Time Restores Many Things – Little Details of Why to Strip-Till

Digging to give you the best information regarding soils as I know how.

Welcome to Precision Tillage, again!  As the Orthman agronomist (me – Mike Petersen) it is good to be part of the Orthman team where we really do desire to help many, many growers become better at what they do with their two very important resources — soils and water to grow top producing crops.  It is not only my desire but all of us who at Orthman work with people directly working in Agriculture to be proactive with your farming operation. At Orthman we not only want to assist growers, but join with implement dealers/salesmen, seedsmen, fertilizer dealers or suppliers, educators fathom the depth of the Strip Till story and what great benefits are to be had.

This season for starters, we are seeing East-Central Nebraska soybean harvest essentially complete where with positive placed by an Orthman 1tRIPr and dry nutrients prior to planting back in April yields are tipping the scales at the 88-105bu/acre mark compared to no added nutrients of 69 bu/acre. A 19-35 bushel increase truly has some impact to the bottomline even with the price down so much.   We are hearing from our strip-till growers that corn is closing in on the final few rounds in many states, then some not with the recent wet via rain and snows.

This year from my travels with Orthman Manufacturing, strip-till as a system has caught the eye of politicians and leaders in the Great Lake States on a sound method to minimize soluble phosphorus getting into the rivers and streams that feed Lake Erie.  Growers have been identified in certain watersheds that they are contributors and they are under some scrutiny.  We at Orthman are working hand-in-hand with Ohio State University to study issues surrounding the phosphorus loading and how to be proactive and offer solutions that minimize soluble phosphorus runoff.  Stay tuned and we will bring you more information.  Believe me that applies in many other watersheds than just Ohio, Michigan, Indiana, New York and others.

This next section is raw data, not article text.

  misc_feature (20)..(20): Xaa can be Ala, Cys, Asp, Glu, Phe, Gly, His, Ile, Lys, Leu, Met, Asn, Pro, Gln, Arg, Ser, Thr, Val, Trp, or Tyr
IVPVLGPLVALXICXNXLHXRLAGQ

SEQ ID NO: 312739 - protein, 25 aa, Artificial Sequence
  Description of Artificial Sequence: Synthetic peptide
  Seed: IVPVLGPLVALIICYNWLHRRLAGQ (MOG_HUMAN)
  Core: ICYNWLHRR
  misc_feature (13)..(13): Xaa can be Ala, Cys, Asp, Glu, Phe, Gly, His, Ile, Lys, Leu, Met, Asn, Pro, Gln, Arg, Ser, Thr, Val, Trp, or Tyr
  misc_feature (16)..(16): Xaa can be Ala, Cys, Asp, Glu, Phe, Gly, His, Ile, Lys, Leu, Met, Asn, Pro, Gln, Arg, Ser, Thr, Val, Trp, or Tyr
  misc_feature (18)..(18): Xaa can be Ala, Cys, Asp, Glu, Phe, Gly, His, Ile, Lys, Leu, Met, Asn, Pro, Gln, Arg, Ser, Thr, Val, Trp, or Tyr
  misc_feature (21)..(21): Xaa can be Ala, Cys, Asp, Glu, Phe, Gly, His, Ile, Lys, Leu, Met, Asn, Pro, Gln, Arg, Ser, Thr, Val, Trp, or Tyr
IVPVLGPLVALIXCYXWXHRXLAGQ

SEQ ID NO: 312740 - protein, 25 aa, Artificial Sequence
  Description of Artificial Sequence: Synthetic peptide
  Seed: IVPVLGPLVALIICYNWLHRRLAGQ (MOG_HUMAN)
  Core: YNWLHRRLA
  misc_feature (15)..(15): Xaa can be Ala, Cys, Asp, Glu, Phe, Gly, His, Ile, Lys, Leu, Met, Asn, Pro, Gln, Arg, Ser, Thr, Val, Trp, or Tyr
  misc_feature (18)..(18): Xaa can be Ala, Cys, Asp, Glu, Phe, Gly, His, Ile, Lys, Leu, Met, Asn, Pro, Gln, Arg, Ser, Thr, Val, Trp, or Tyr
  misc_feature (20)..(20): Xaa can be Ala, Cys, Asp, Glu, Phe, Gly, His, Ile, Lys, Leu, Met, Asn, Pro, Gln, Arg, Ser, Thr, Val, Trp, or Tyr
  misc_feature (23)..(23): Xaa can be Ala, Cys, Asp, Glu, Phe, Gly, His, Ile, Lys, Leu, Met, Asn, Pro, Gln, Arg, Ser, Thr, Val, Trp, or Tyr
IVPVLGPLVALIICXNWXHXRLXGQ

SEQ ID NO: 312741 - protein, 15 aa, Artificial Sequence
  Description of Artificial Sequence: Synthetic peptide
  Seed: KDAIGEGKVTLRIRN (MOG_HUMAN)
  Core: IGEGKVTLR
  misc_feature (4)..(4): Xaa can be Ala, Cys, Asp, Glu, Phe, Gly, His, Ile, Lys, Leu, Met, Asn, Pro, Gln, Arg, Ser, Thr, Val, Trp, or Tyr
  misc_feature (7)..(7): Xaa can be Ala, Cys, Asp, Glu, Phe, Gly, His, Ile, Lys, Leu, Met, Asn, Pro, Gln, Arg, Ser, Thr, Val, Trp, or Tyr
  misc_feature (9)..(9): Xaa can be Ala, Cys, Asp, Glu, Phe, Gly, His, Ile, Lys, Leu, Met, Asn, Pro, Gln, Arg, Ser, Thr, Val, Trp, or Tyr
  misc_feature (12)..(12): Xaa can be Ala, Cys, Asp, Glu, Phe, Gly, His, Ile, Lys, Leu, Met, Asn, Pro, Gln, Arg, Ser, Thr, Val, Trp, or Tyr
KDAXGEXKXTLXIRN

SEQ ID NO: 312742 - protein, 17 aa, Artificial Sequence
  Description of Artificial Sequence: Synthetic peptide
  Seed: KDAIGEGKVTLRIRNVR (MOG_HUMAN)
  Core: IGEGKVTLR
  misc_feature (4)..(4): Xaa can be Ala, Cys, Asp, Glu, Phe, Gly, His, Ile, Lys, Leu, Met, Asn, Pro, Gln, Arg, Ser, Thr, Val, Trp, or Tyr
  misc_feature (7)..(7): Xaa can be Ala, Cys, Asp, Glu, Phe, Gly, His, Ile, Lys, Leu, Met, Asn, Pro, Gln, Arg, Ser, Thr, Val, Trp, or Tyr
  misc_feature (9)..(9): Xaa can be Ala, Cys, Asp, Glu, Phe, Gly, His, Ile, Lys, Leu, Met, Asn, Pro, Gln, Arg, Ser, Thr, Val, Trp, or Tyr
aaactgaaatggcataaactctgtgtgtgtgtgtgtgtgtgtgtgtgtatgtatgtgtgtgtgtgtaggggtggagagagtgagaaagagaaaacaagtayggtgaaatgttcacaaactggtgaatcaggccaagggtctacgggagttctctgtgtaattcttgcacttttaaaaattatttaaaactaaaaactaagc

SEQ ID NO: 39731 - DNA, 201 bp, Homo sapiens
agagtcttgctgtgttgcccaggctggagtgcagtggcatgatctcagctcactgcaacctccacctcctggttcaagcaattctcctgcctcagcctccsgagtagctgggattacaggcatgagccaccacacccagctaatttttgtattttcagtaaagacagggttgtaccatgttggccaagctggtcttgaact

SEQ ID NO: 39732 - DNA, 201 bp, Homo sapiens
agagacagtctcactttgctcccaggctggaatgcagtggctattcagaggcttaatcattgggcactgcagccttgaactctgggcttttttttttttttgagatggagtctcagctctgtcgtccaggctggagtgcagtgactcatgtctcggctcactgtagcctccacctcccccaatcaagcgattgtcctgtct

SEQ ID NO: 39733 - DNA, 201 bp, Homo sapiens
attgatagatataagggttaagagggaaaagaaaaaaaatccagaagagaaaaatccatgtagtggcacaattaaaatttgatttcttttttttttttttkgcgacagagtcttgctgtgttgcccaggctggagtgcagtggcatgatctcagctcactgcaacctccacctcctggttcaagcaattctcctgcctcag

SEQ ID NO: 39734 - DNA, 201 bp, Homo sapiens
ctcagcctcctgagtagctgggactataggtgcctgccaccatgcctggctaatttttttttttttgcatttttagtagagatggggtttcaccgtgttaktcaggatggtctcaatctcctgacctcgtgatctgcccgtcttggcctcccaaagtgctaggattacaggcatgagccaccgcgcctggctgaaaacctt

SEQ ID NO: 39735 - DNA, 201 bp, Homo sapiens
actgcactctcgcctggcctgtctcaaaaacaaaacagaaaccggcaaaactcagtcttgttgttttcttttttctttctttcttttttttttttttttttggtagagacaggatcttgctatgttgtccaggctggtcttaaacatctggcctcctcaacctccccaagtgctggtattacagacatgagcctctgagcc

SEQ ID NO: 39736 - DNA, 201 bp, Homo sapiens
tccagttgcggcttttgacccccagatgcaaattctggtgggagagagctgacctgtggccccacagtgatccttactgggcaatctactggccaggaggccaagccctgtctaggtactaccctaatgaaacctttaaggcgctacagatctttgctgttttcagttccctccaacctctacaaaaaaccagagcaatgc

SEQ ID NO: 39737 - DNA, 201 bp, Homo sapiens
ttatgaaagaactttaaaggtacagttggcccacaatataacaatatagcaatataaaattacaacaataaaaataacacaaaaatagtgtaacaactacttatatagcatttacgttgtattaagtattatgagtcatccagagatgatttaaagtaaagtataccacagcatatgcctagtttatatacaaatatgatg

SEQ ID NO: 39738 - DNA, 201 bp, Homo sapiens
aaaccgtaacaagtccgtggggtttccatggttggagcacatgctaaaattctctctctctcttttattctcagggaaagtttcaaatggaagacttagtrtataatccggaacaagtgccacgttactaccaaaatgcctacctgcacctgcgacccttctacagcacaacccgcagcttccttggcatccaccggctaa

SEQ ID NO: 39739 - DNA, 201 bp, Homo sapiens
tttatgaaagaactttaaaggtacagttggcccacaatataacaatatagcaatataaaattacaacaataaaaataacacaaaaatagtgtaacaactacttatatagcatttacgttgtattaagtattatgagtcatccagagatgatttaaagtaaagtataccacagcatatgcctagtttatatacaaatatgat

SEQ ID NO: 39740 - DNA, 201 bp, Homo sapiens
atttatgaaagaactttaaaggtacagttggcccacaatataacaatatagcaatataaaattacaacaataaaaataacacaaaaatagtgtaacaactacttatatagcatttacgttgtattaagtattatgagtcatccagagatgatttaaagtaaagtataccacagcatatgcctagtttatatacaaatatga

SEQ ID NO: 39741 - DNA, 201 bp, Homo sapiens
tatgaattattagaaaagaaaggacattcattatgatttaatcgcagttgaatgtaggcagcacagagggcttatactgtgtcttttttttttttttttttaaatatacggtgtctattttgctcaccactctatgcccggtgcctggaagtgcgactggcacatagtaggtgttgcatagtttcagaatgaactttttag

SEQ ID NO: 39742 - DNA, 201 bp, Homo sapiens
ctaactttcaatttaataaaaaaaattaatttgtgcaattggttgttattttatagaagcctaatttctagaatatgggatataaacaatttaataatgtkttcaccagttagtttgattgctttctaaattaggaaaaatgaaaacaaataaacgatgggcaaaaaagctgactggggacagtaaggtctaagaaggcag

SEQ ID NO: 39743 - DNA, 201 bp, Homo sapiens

Why do we see Phosphorus a limited nutrient?

by:  Michael Petersen, Orthman Agronomist

 

We are well aware for the most of us in the Farming world that phosphorus (P) is a limiting nutrient for top yields, stalk health, reproductive health right around flowering, early vigorous growth in corn especially and in western United States calcareous soils gets tied up.

On this site I will be looking into articulating what those limitations are.  Sure we see Universities talk at great lengths about N and some about P and its importance – but with the phosphorus mines across this nation being mined heavily, rapidly diminishing rock phosphate sources hold concerns about what the future brings.

Microbiologically the number of species that work directly on organic sources and the P fertilizers we apply are not that high in number.  They are predominantly aerobic (requiring oxygen to respire/live) creatures. Penicillium, Psuedomonas, and  I want to focus on Bacillus subtilis, member of the Firmicutes phylum.  This strain of bacteria are one of the most common that work on phosphate we fertilize with.

Bacillus subtilis is known to have a symbiotic relationship with the Azotobacter (a nitrogen-fixer affiliated bacteria) only six species of this cyst forming aerobic bacteria exist. These two work together on insoluble phosphorus within soil normally that is material like rock phosphate in dry fertilizers. The phosphorus gets trapped with the clay particles and begins to freeze ionic speaking, because the phosphate ion tightly bonds to the positive cations (calcium, iron, magnesium, silicon, and aluminum) found in the soil. B. subtilis coordinates with Azotobacter vinelandia by helping to release the phosphate bonds and release the phosphate (PO4) throughout the upper 6 to 10 inches of the soil profile. Without the addition of B. subtilis, the phosphorus can’t do its job effectively and further hinders agriculture. The phosphorus can’t move around to the plants and help maintain prosperous growth. Soil microbiologists consider B. subtilis and arbuscular mycorrhizae are  both a good alternative to insoluble phosphate fertilizers.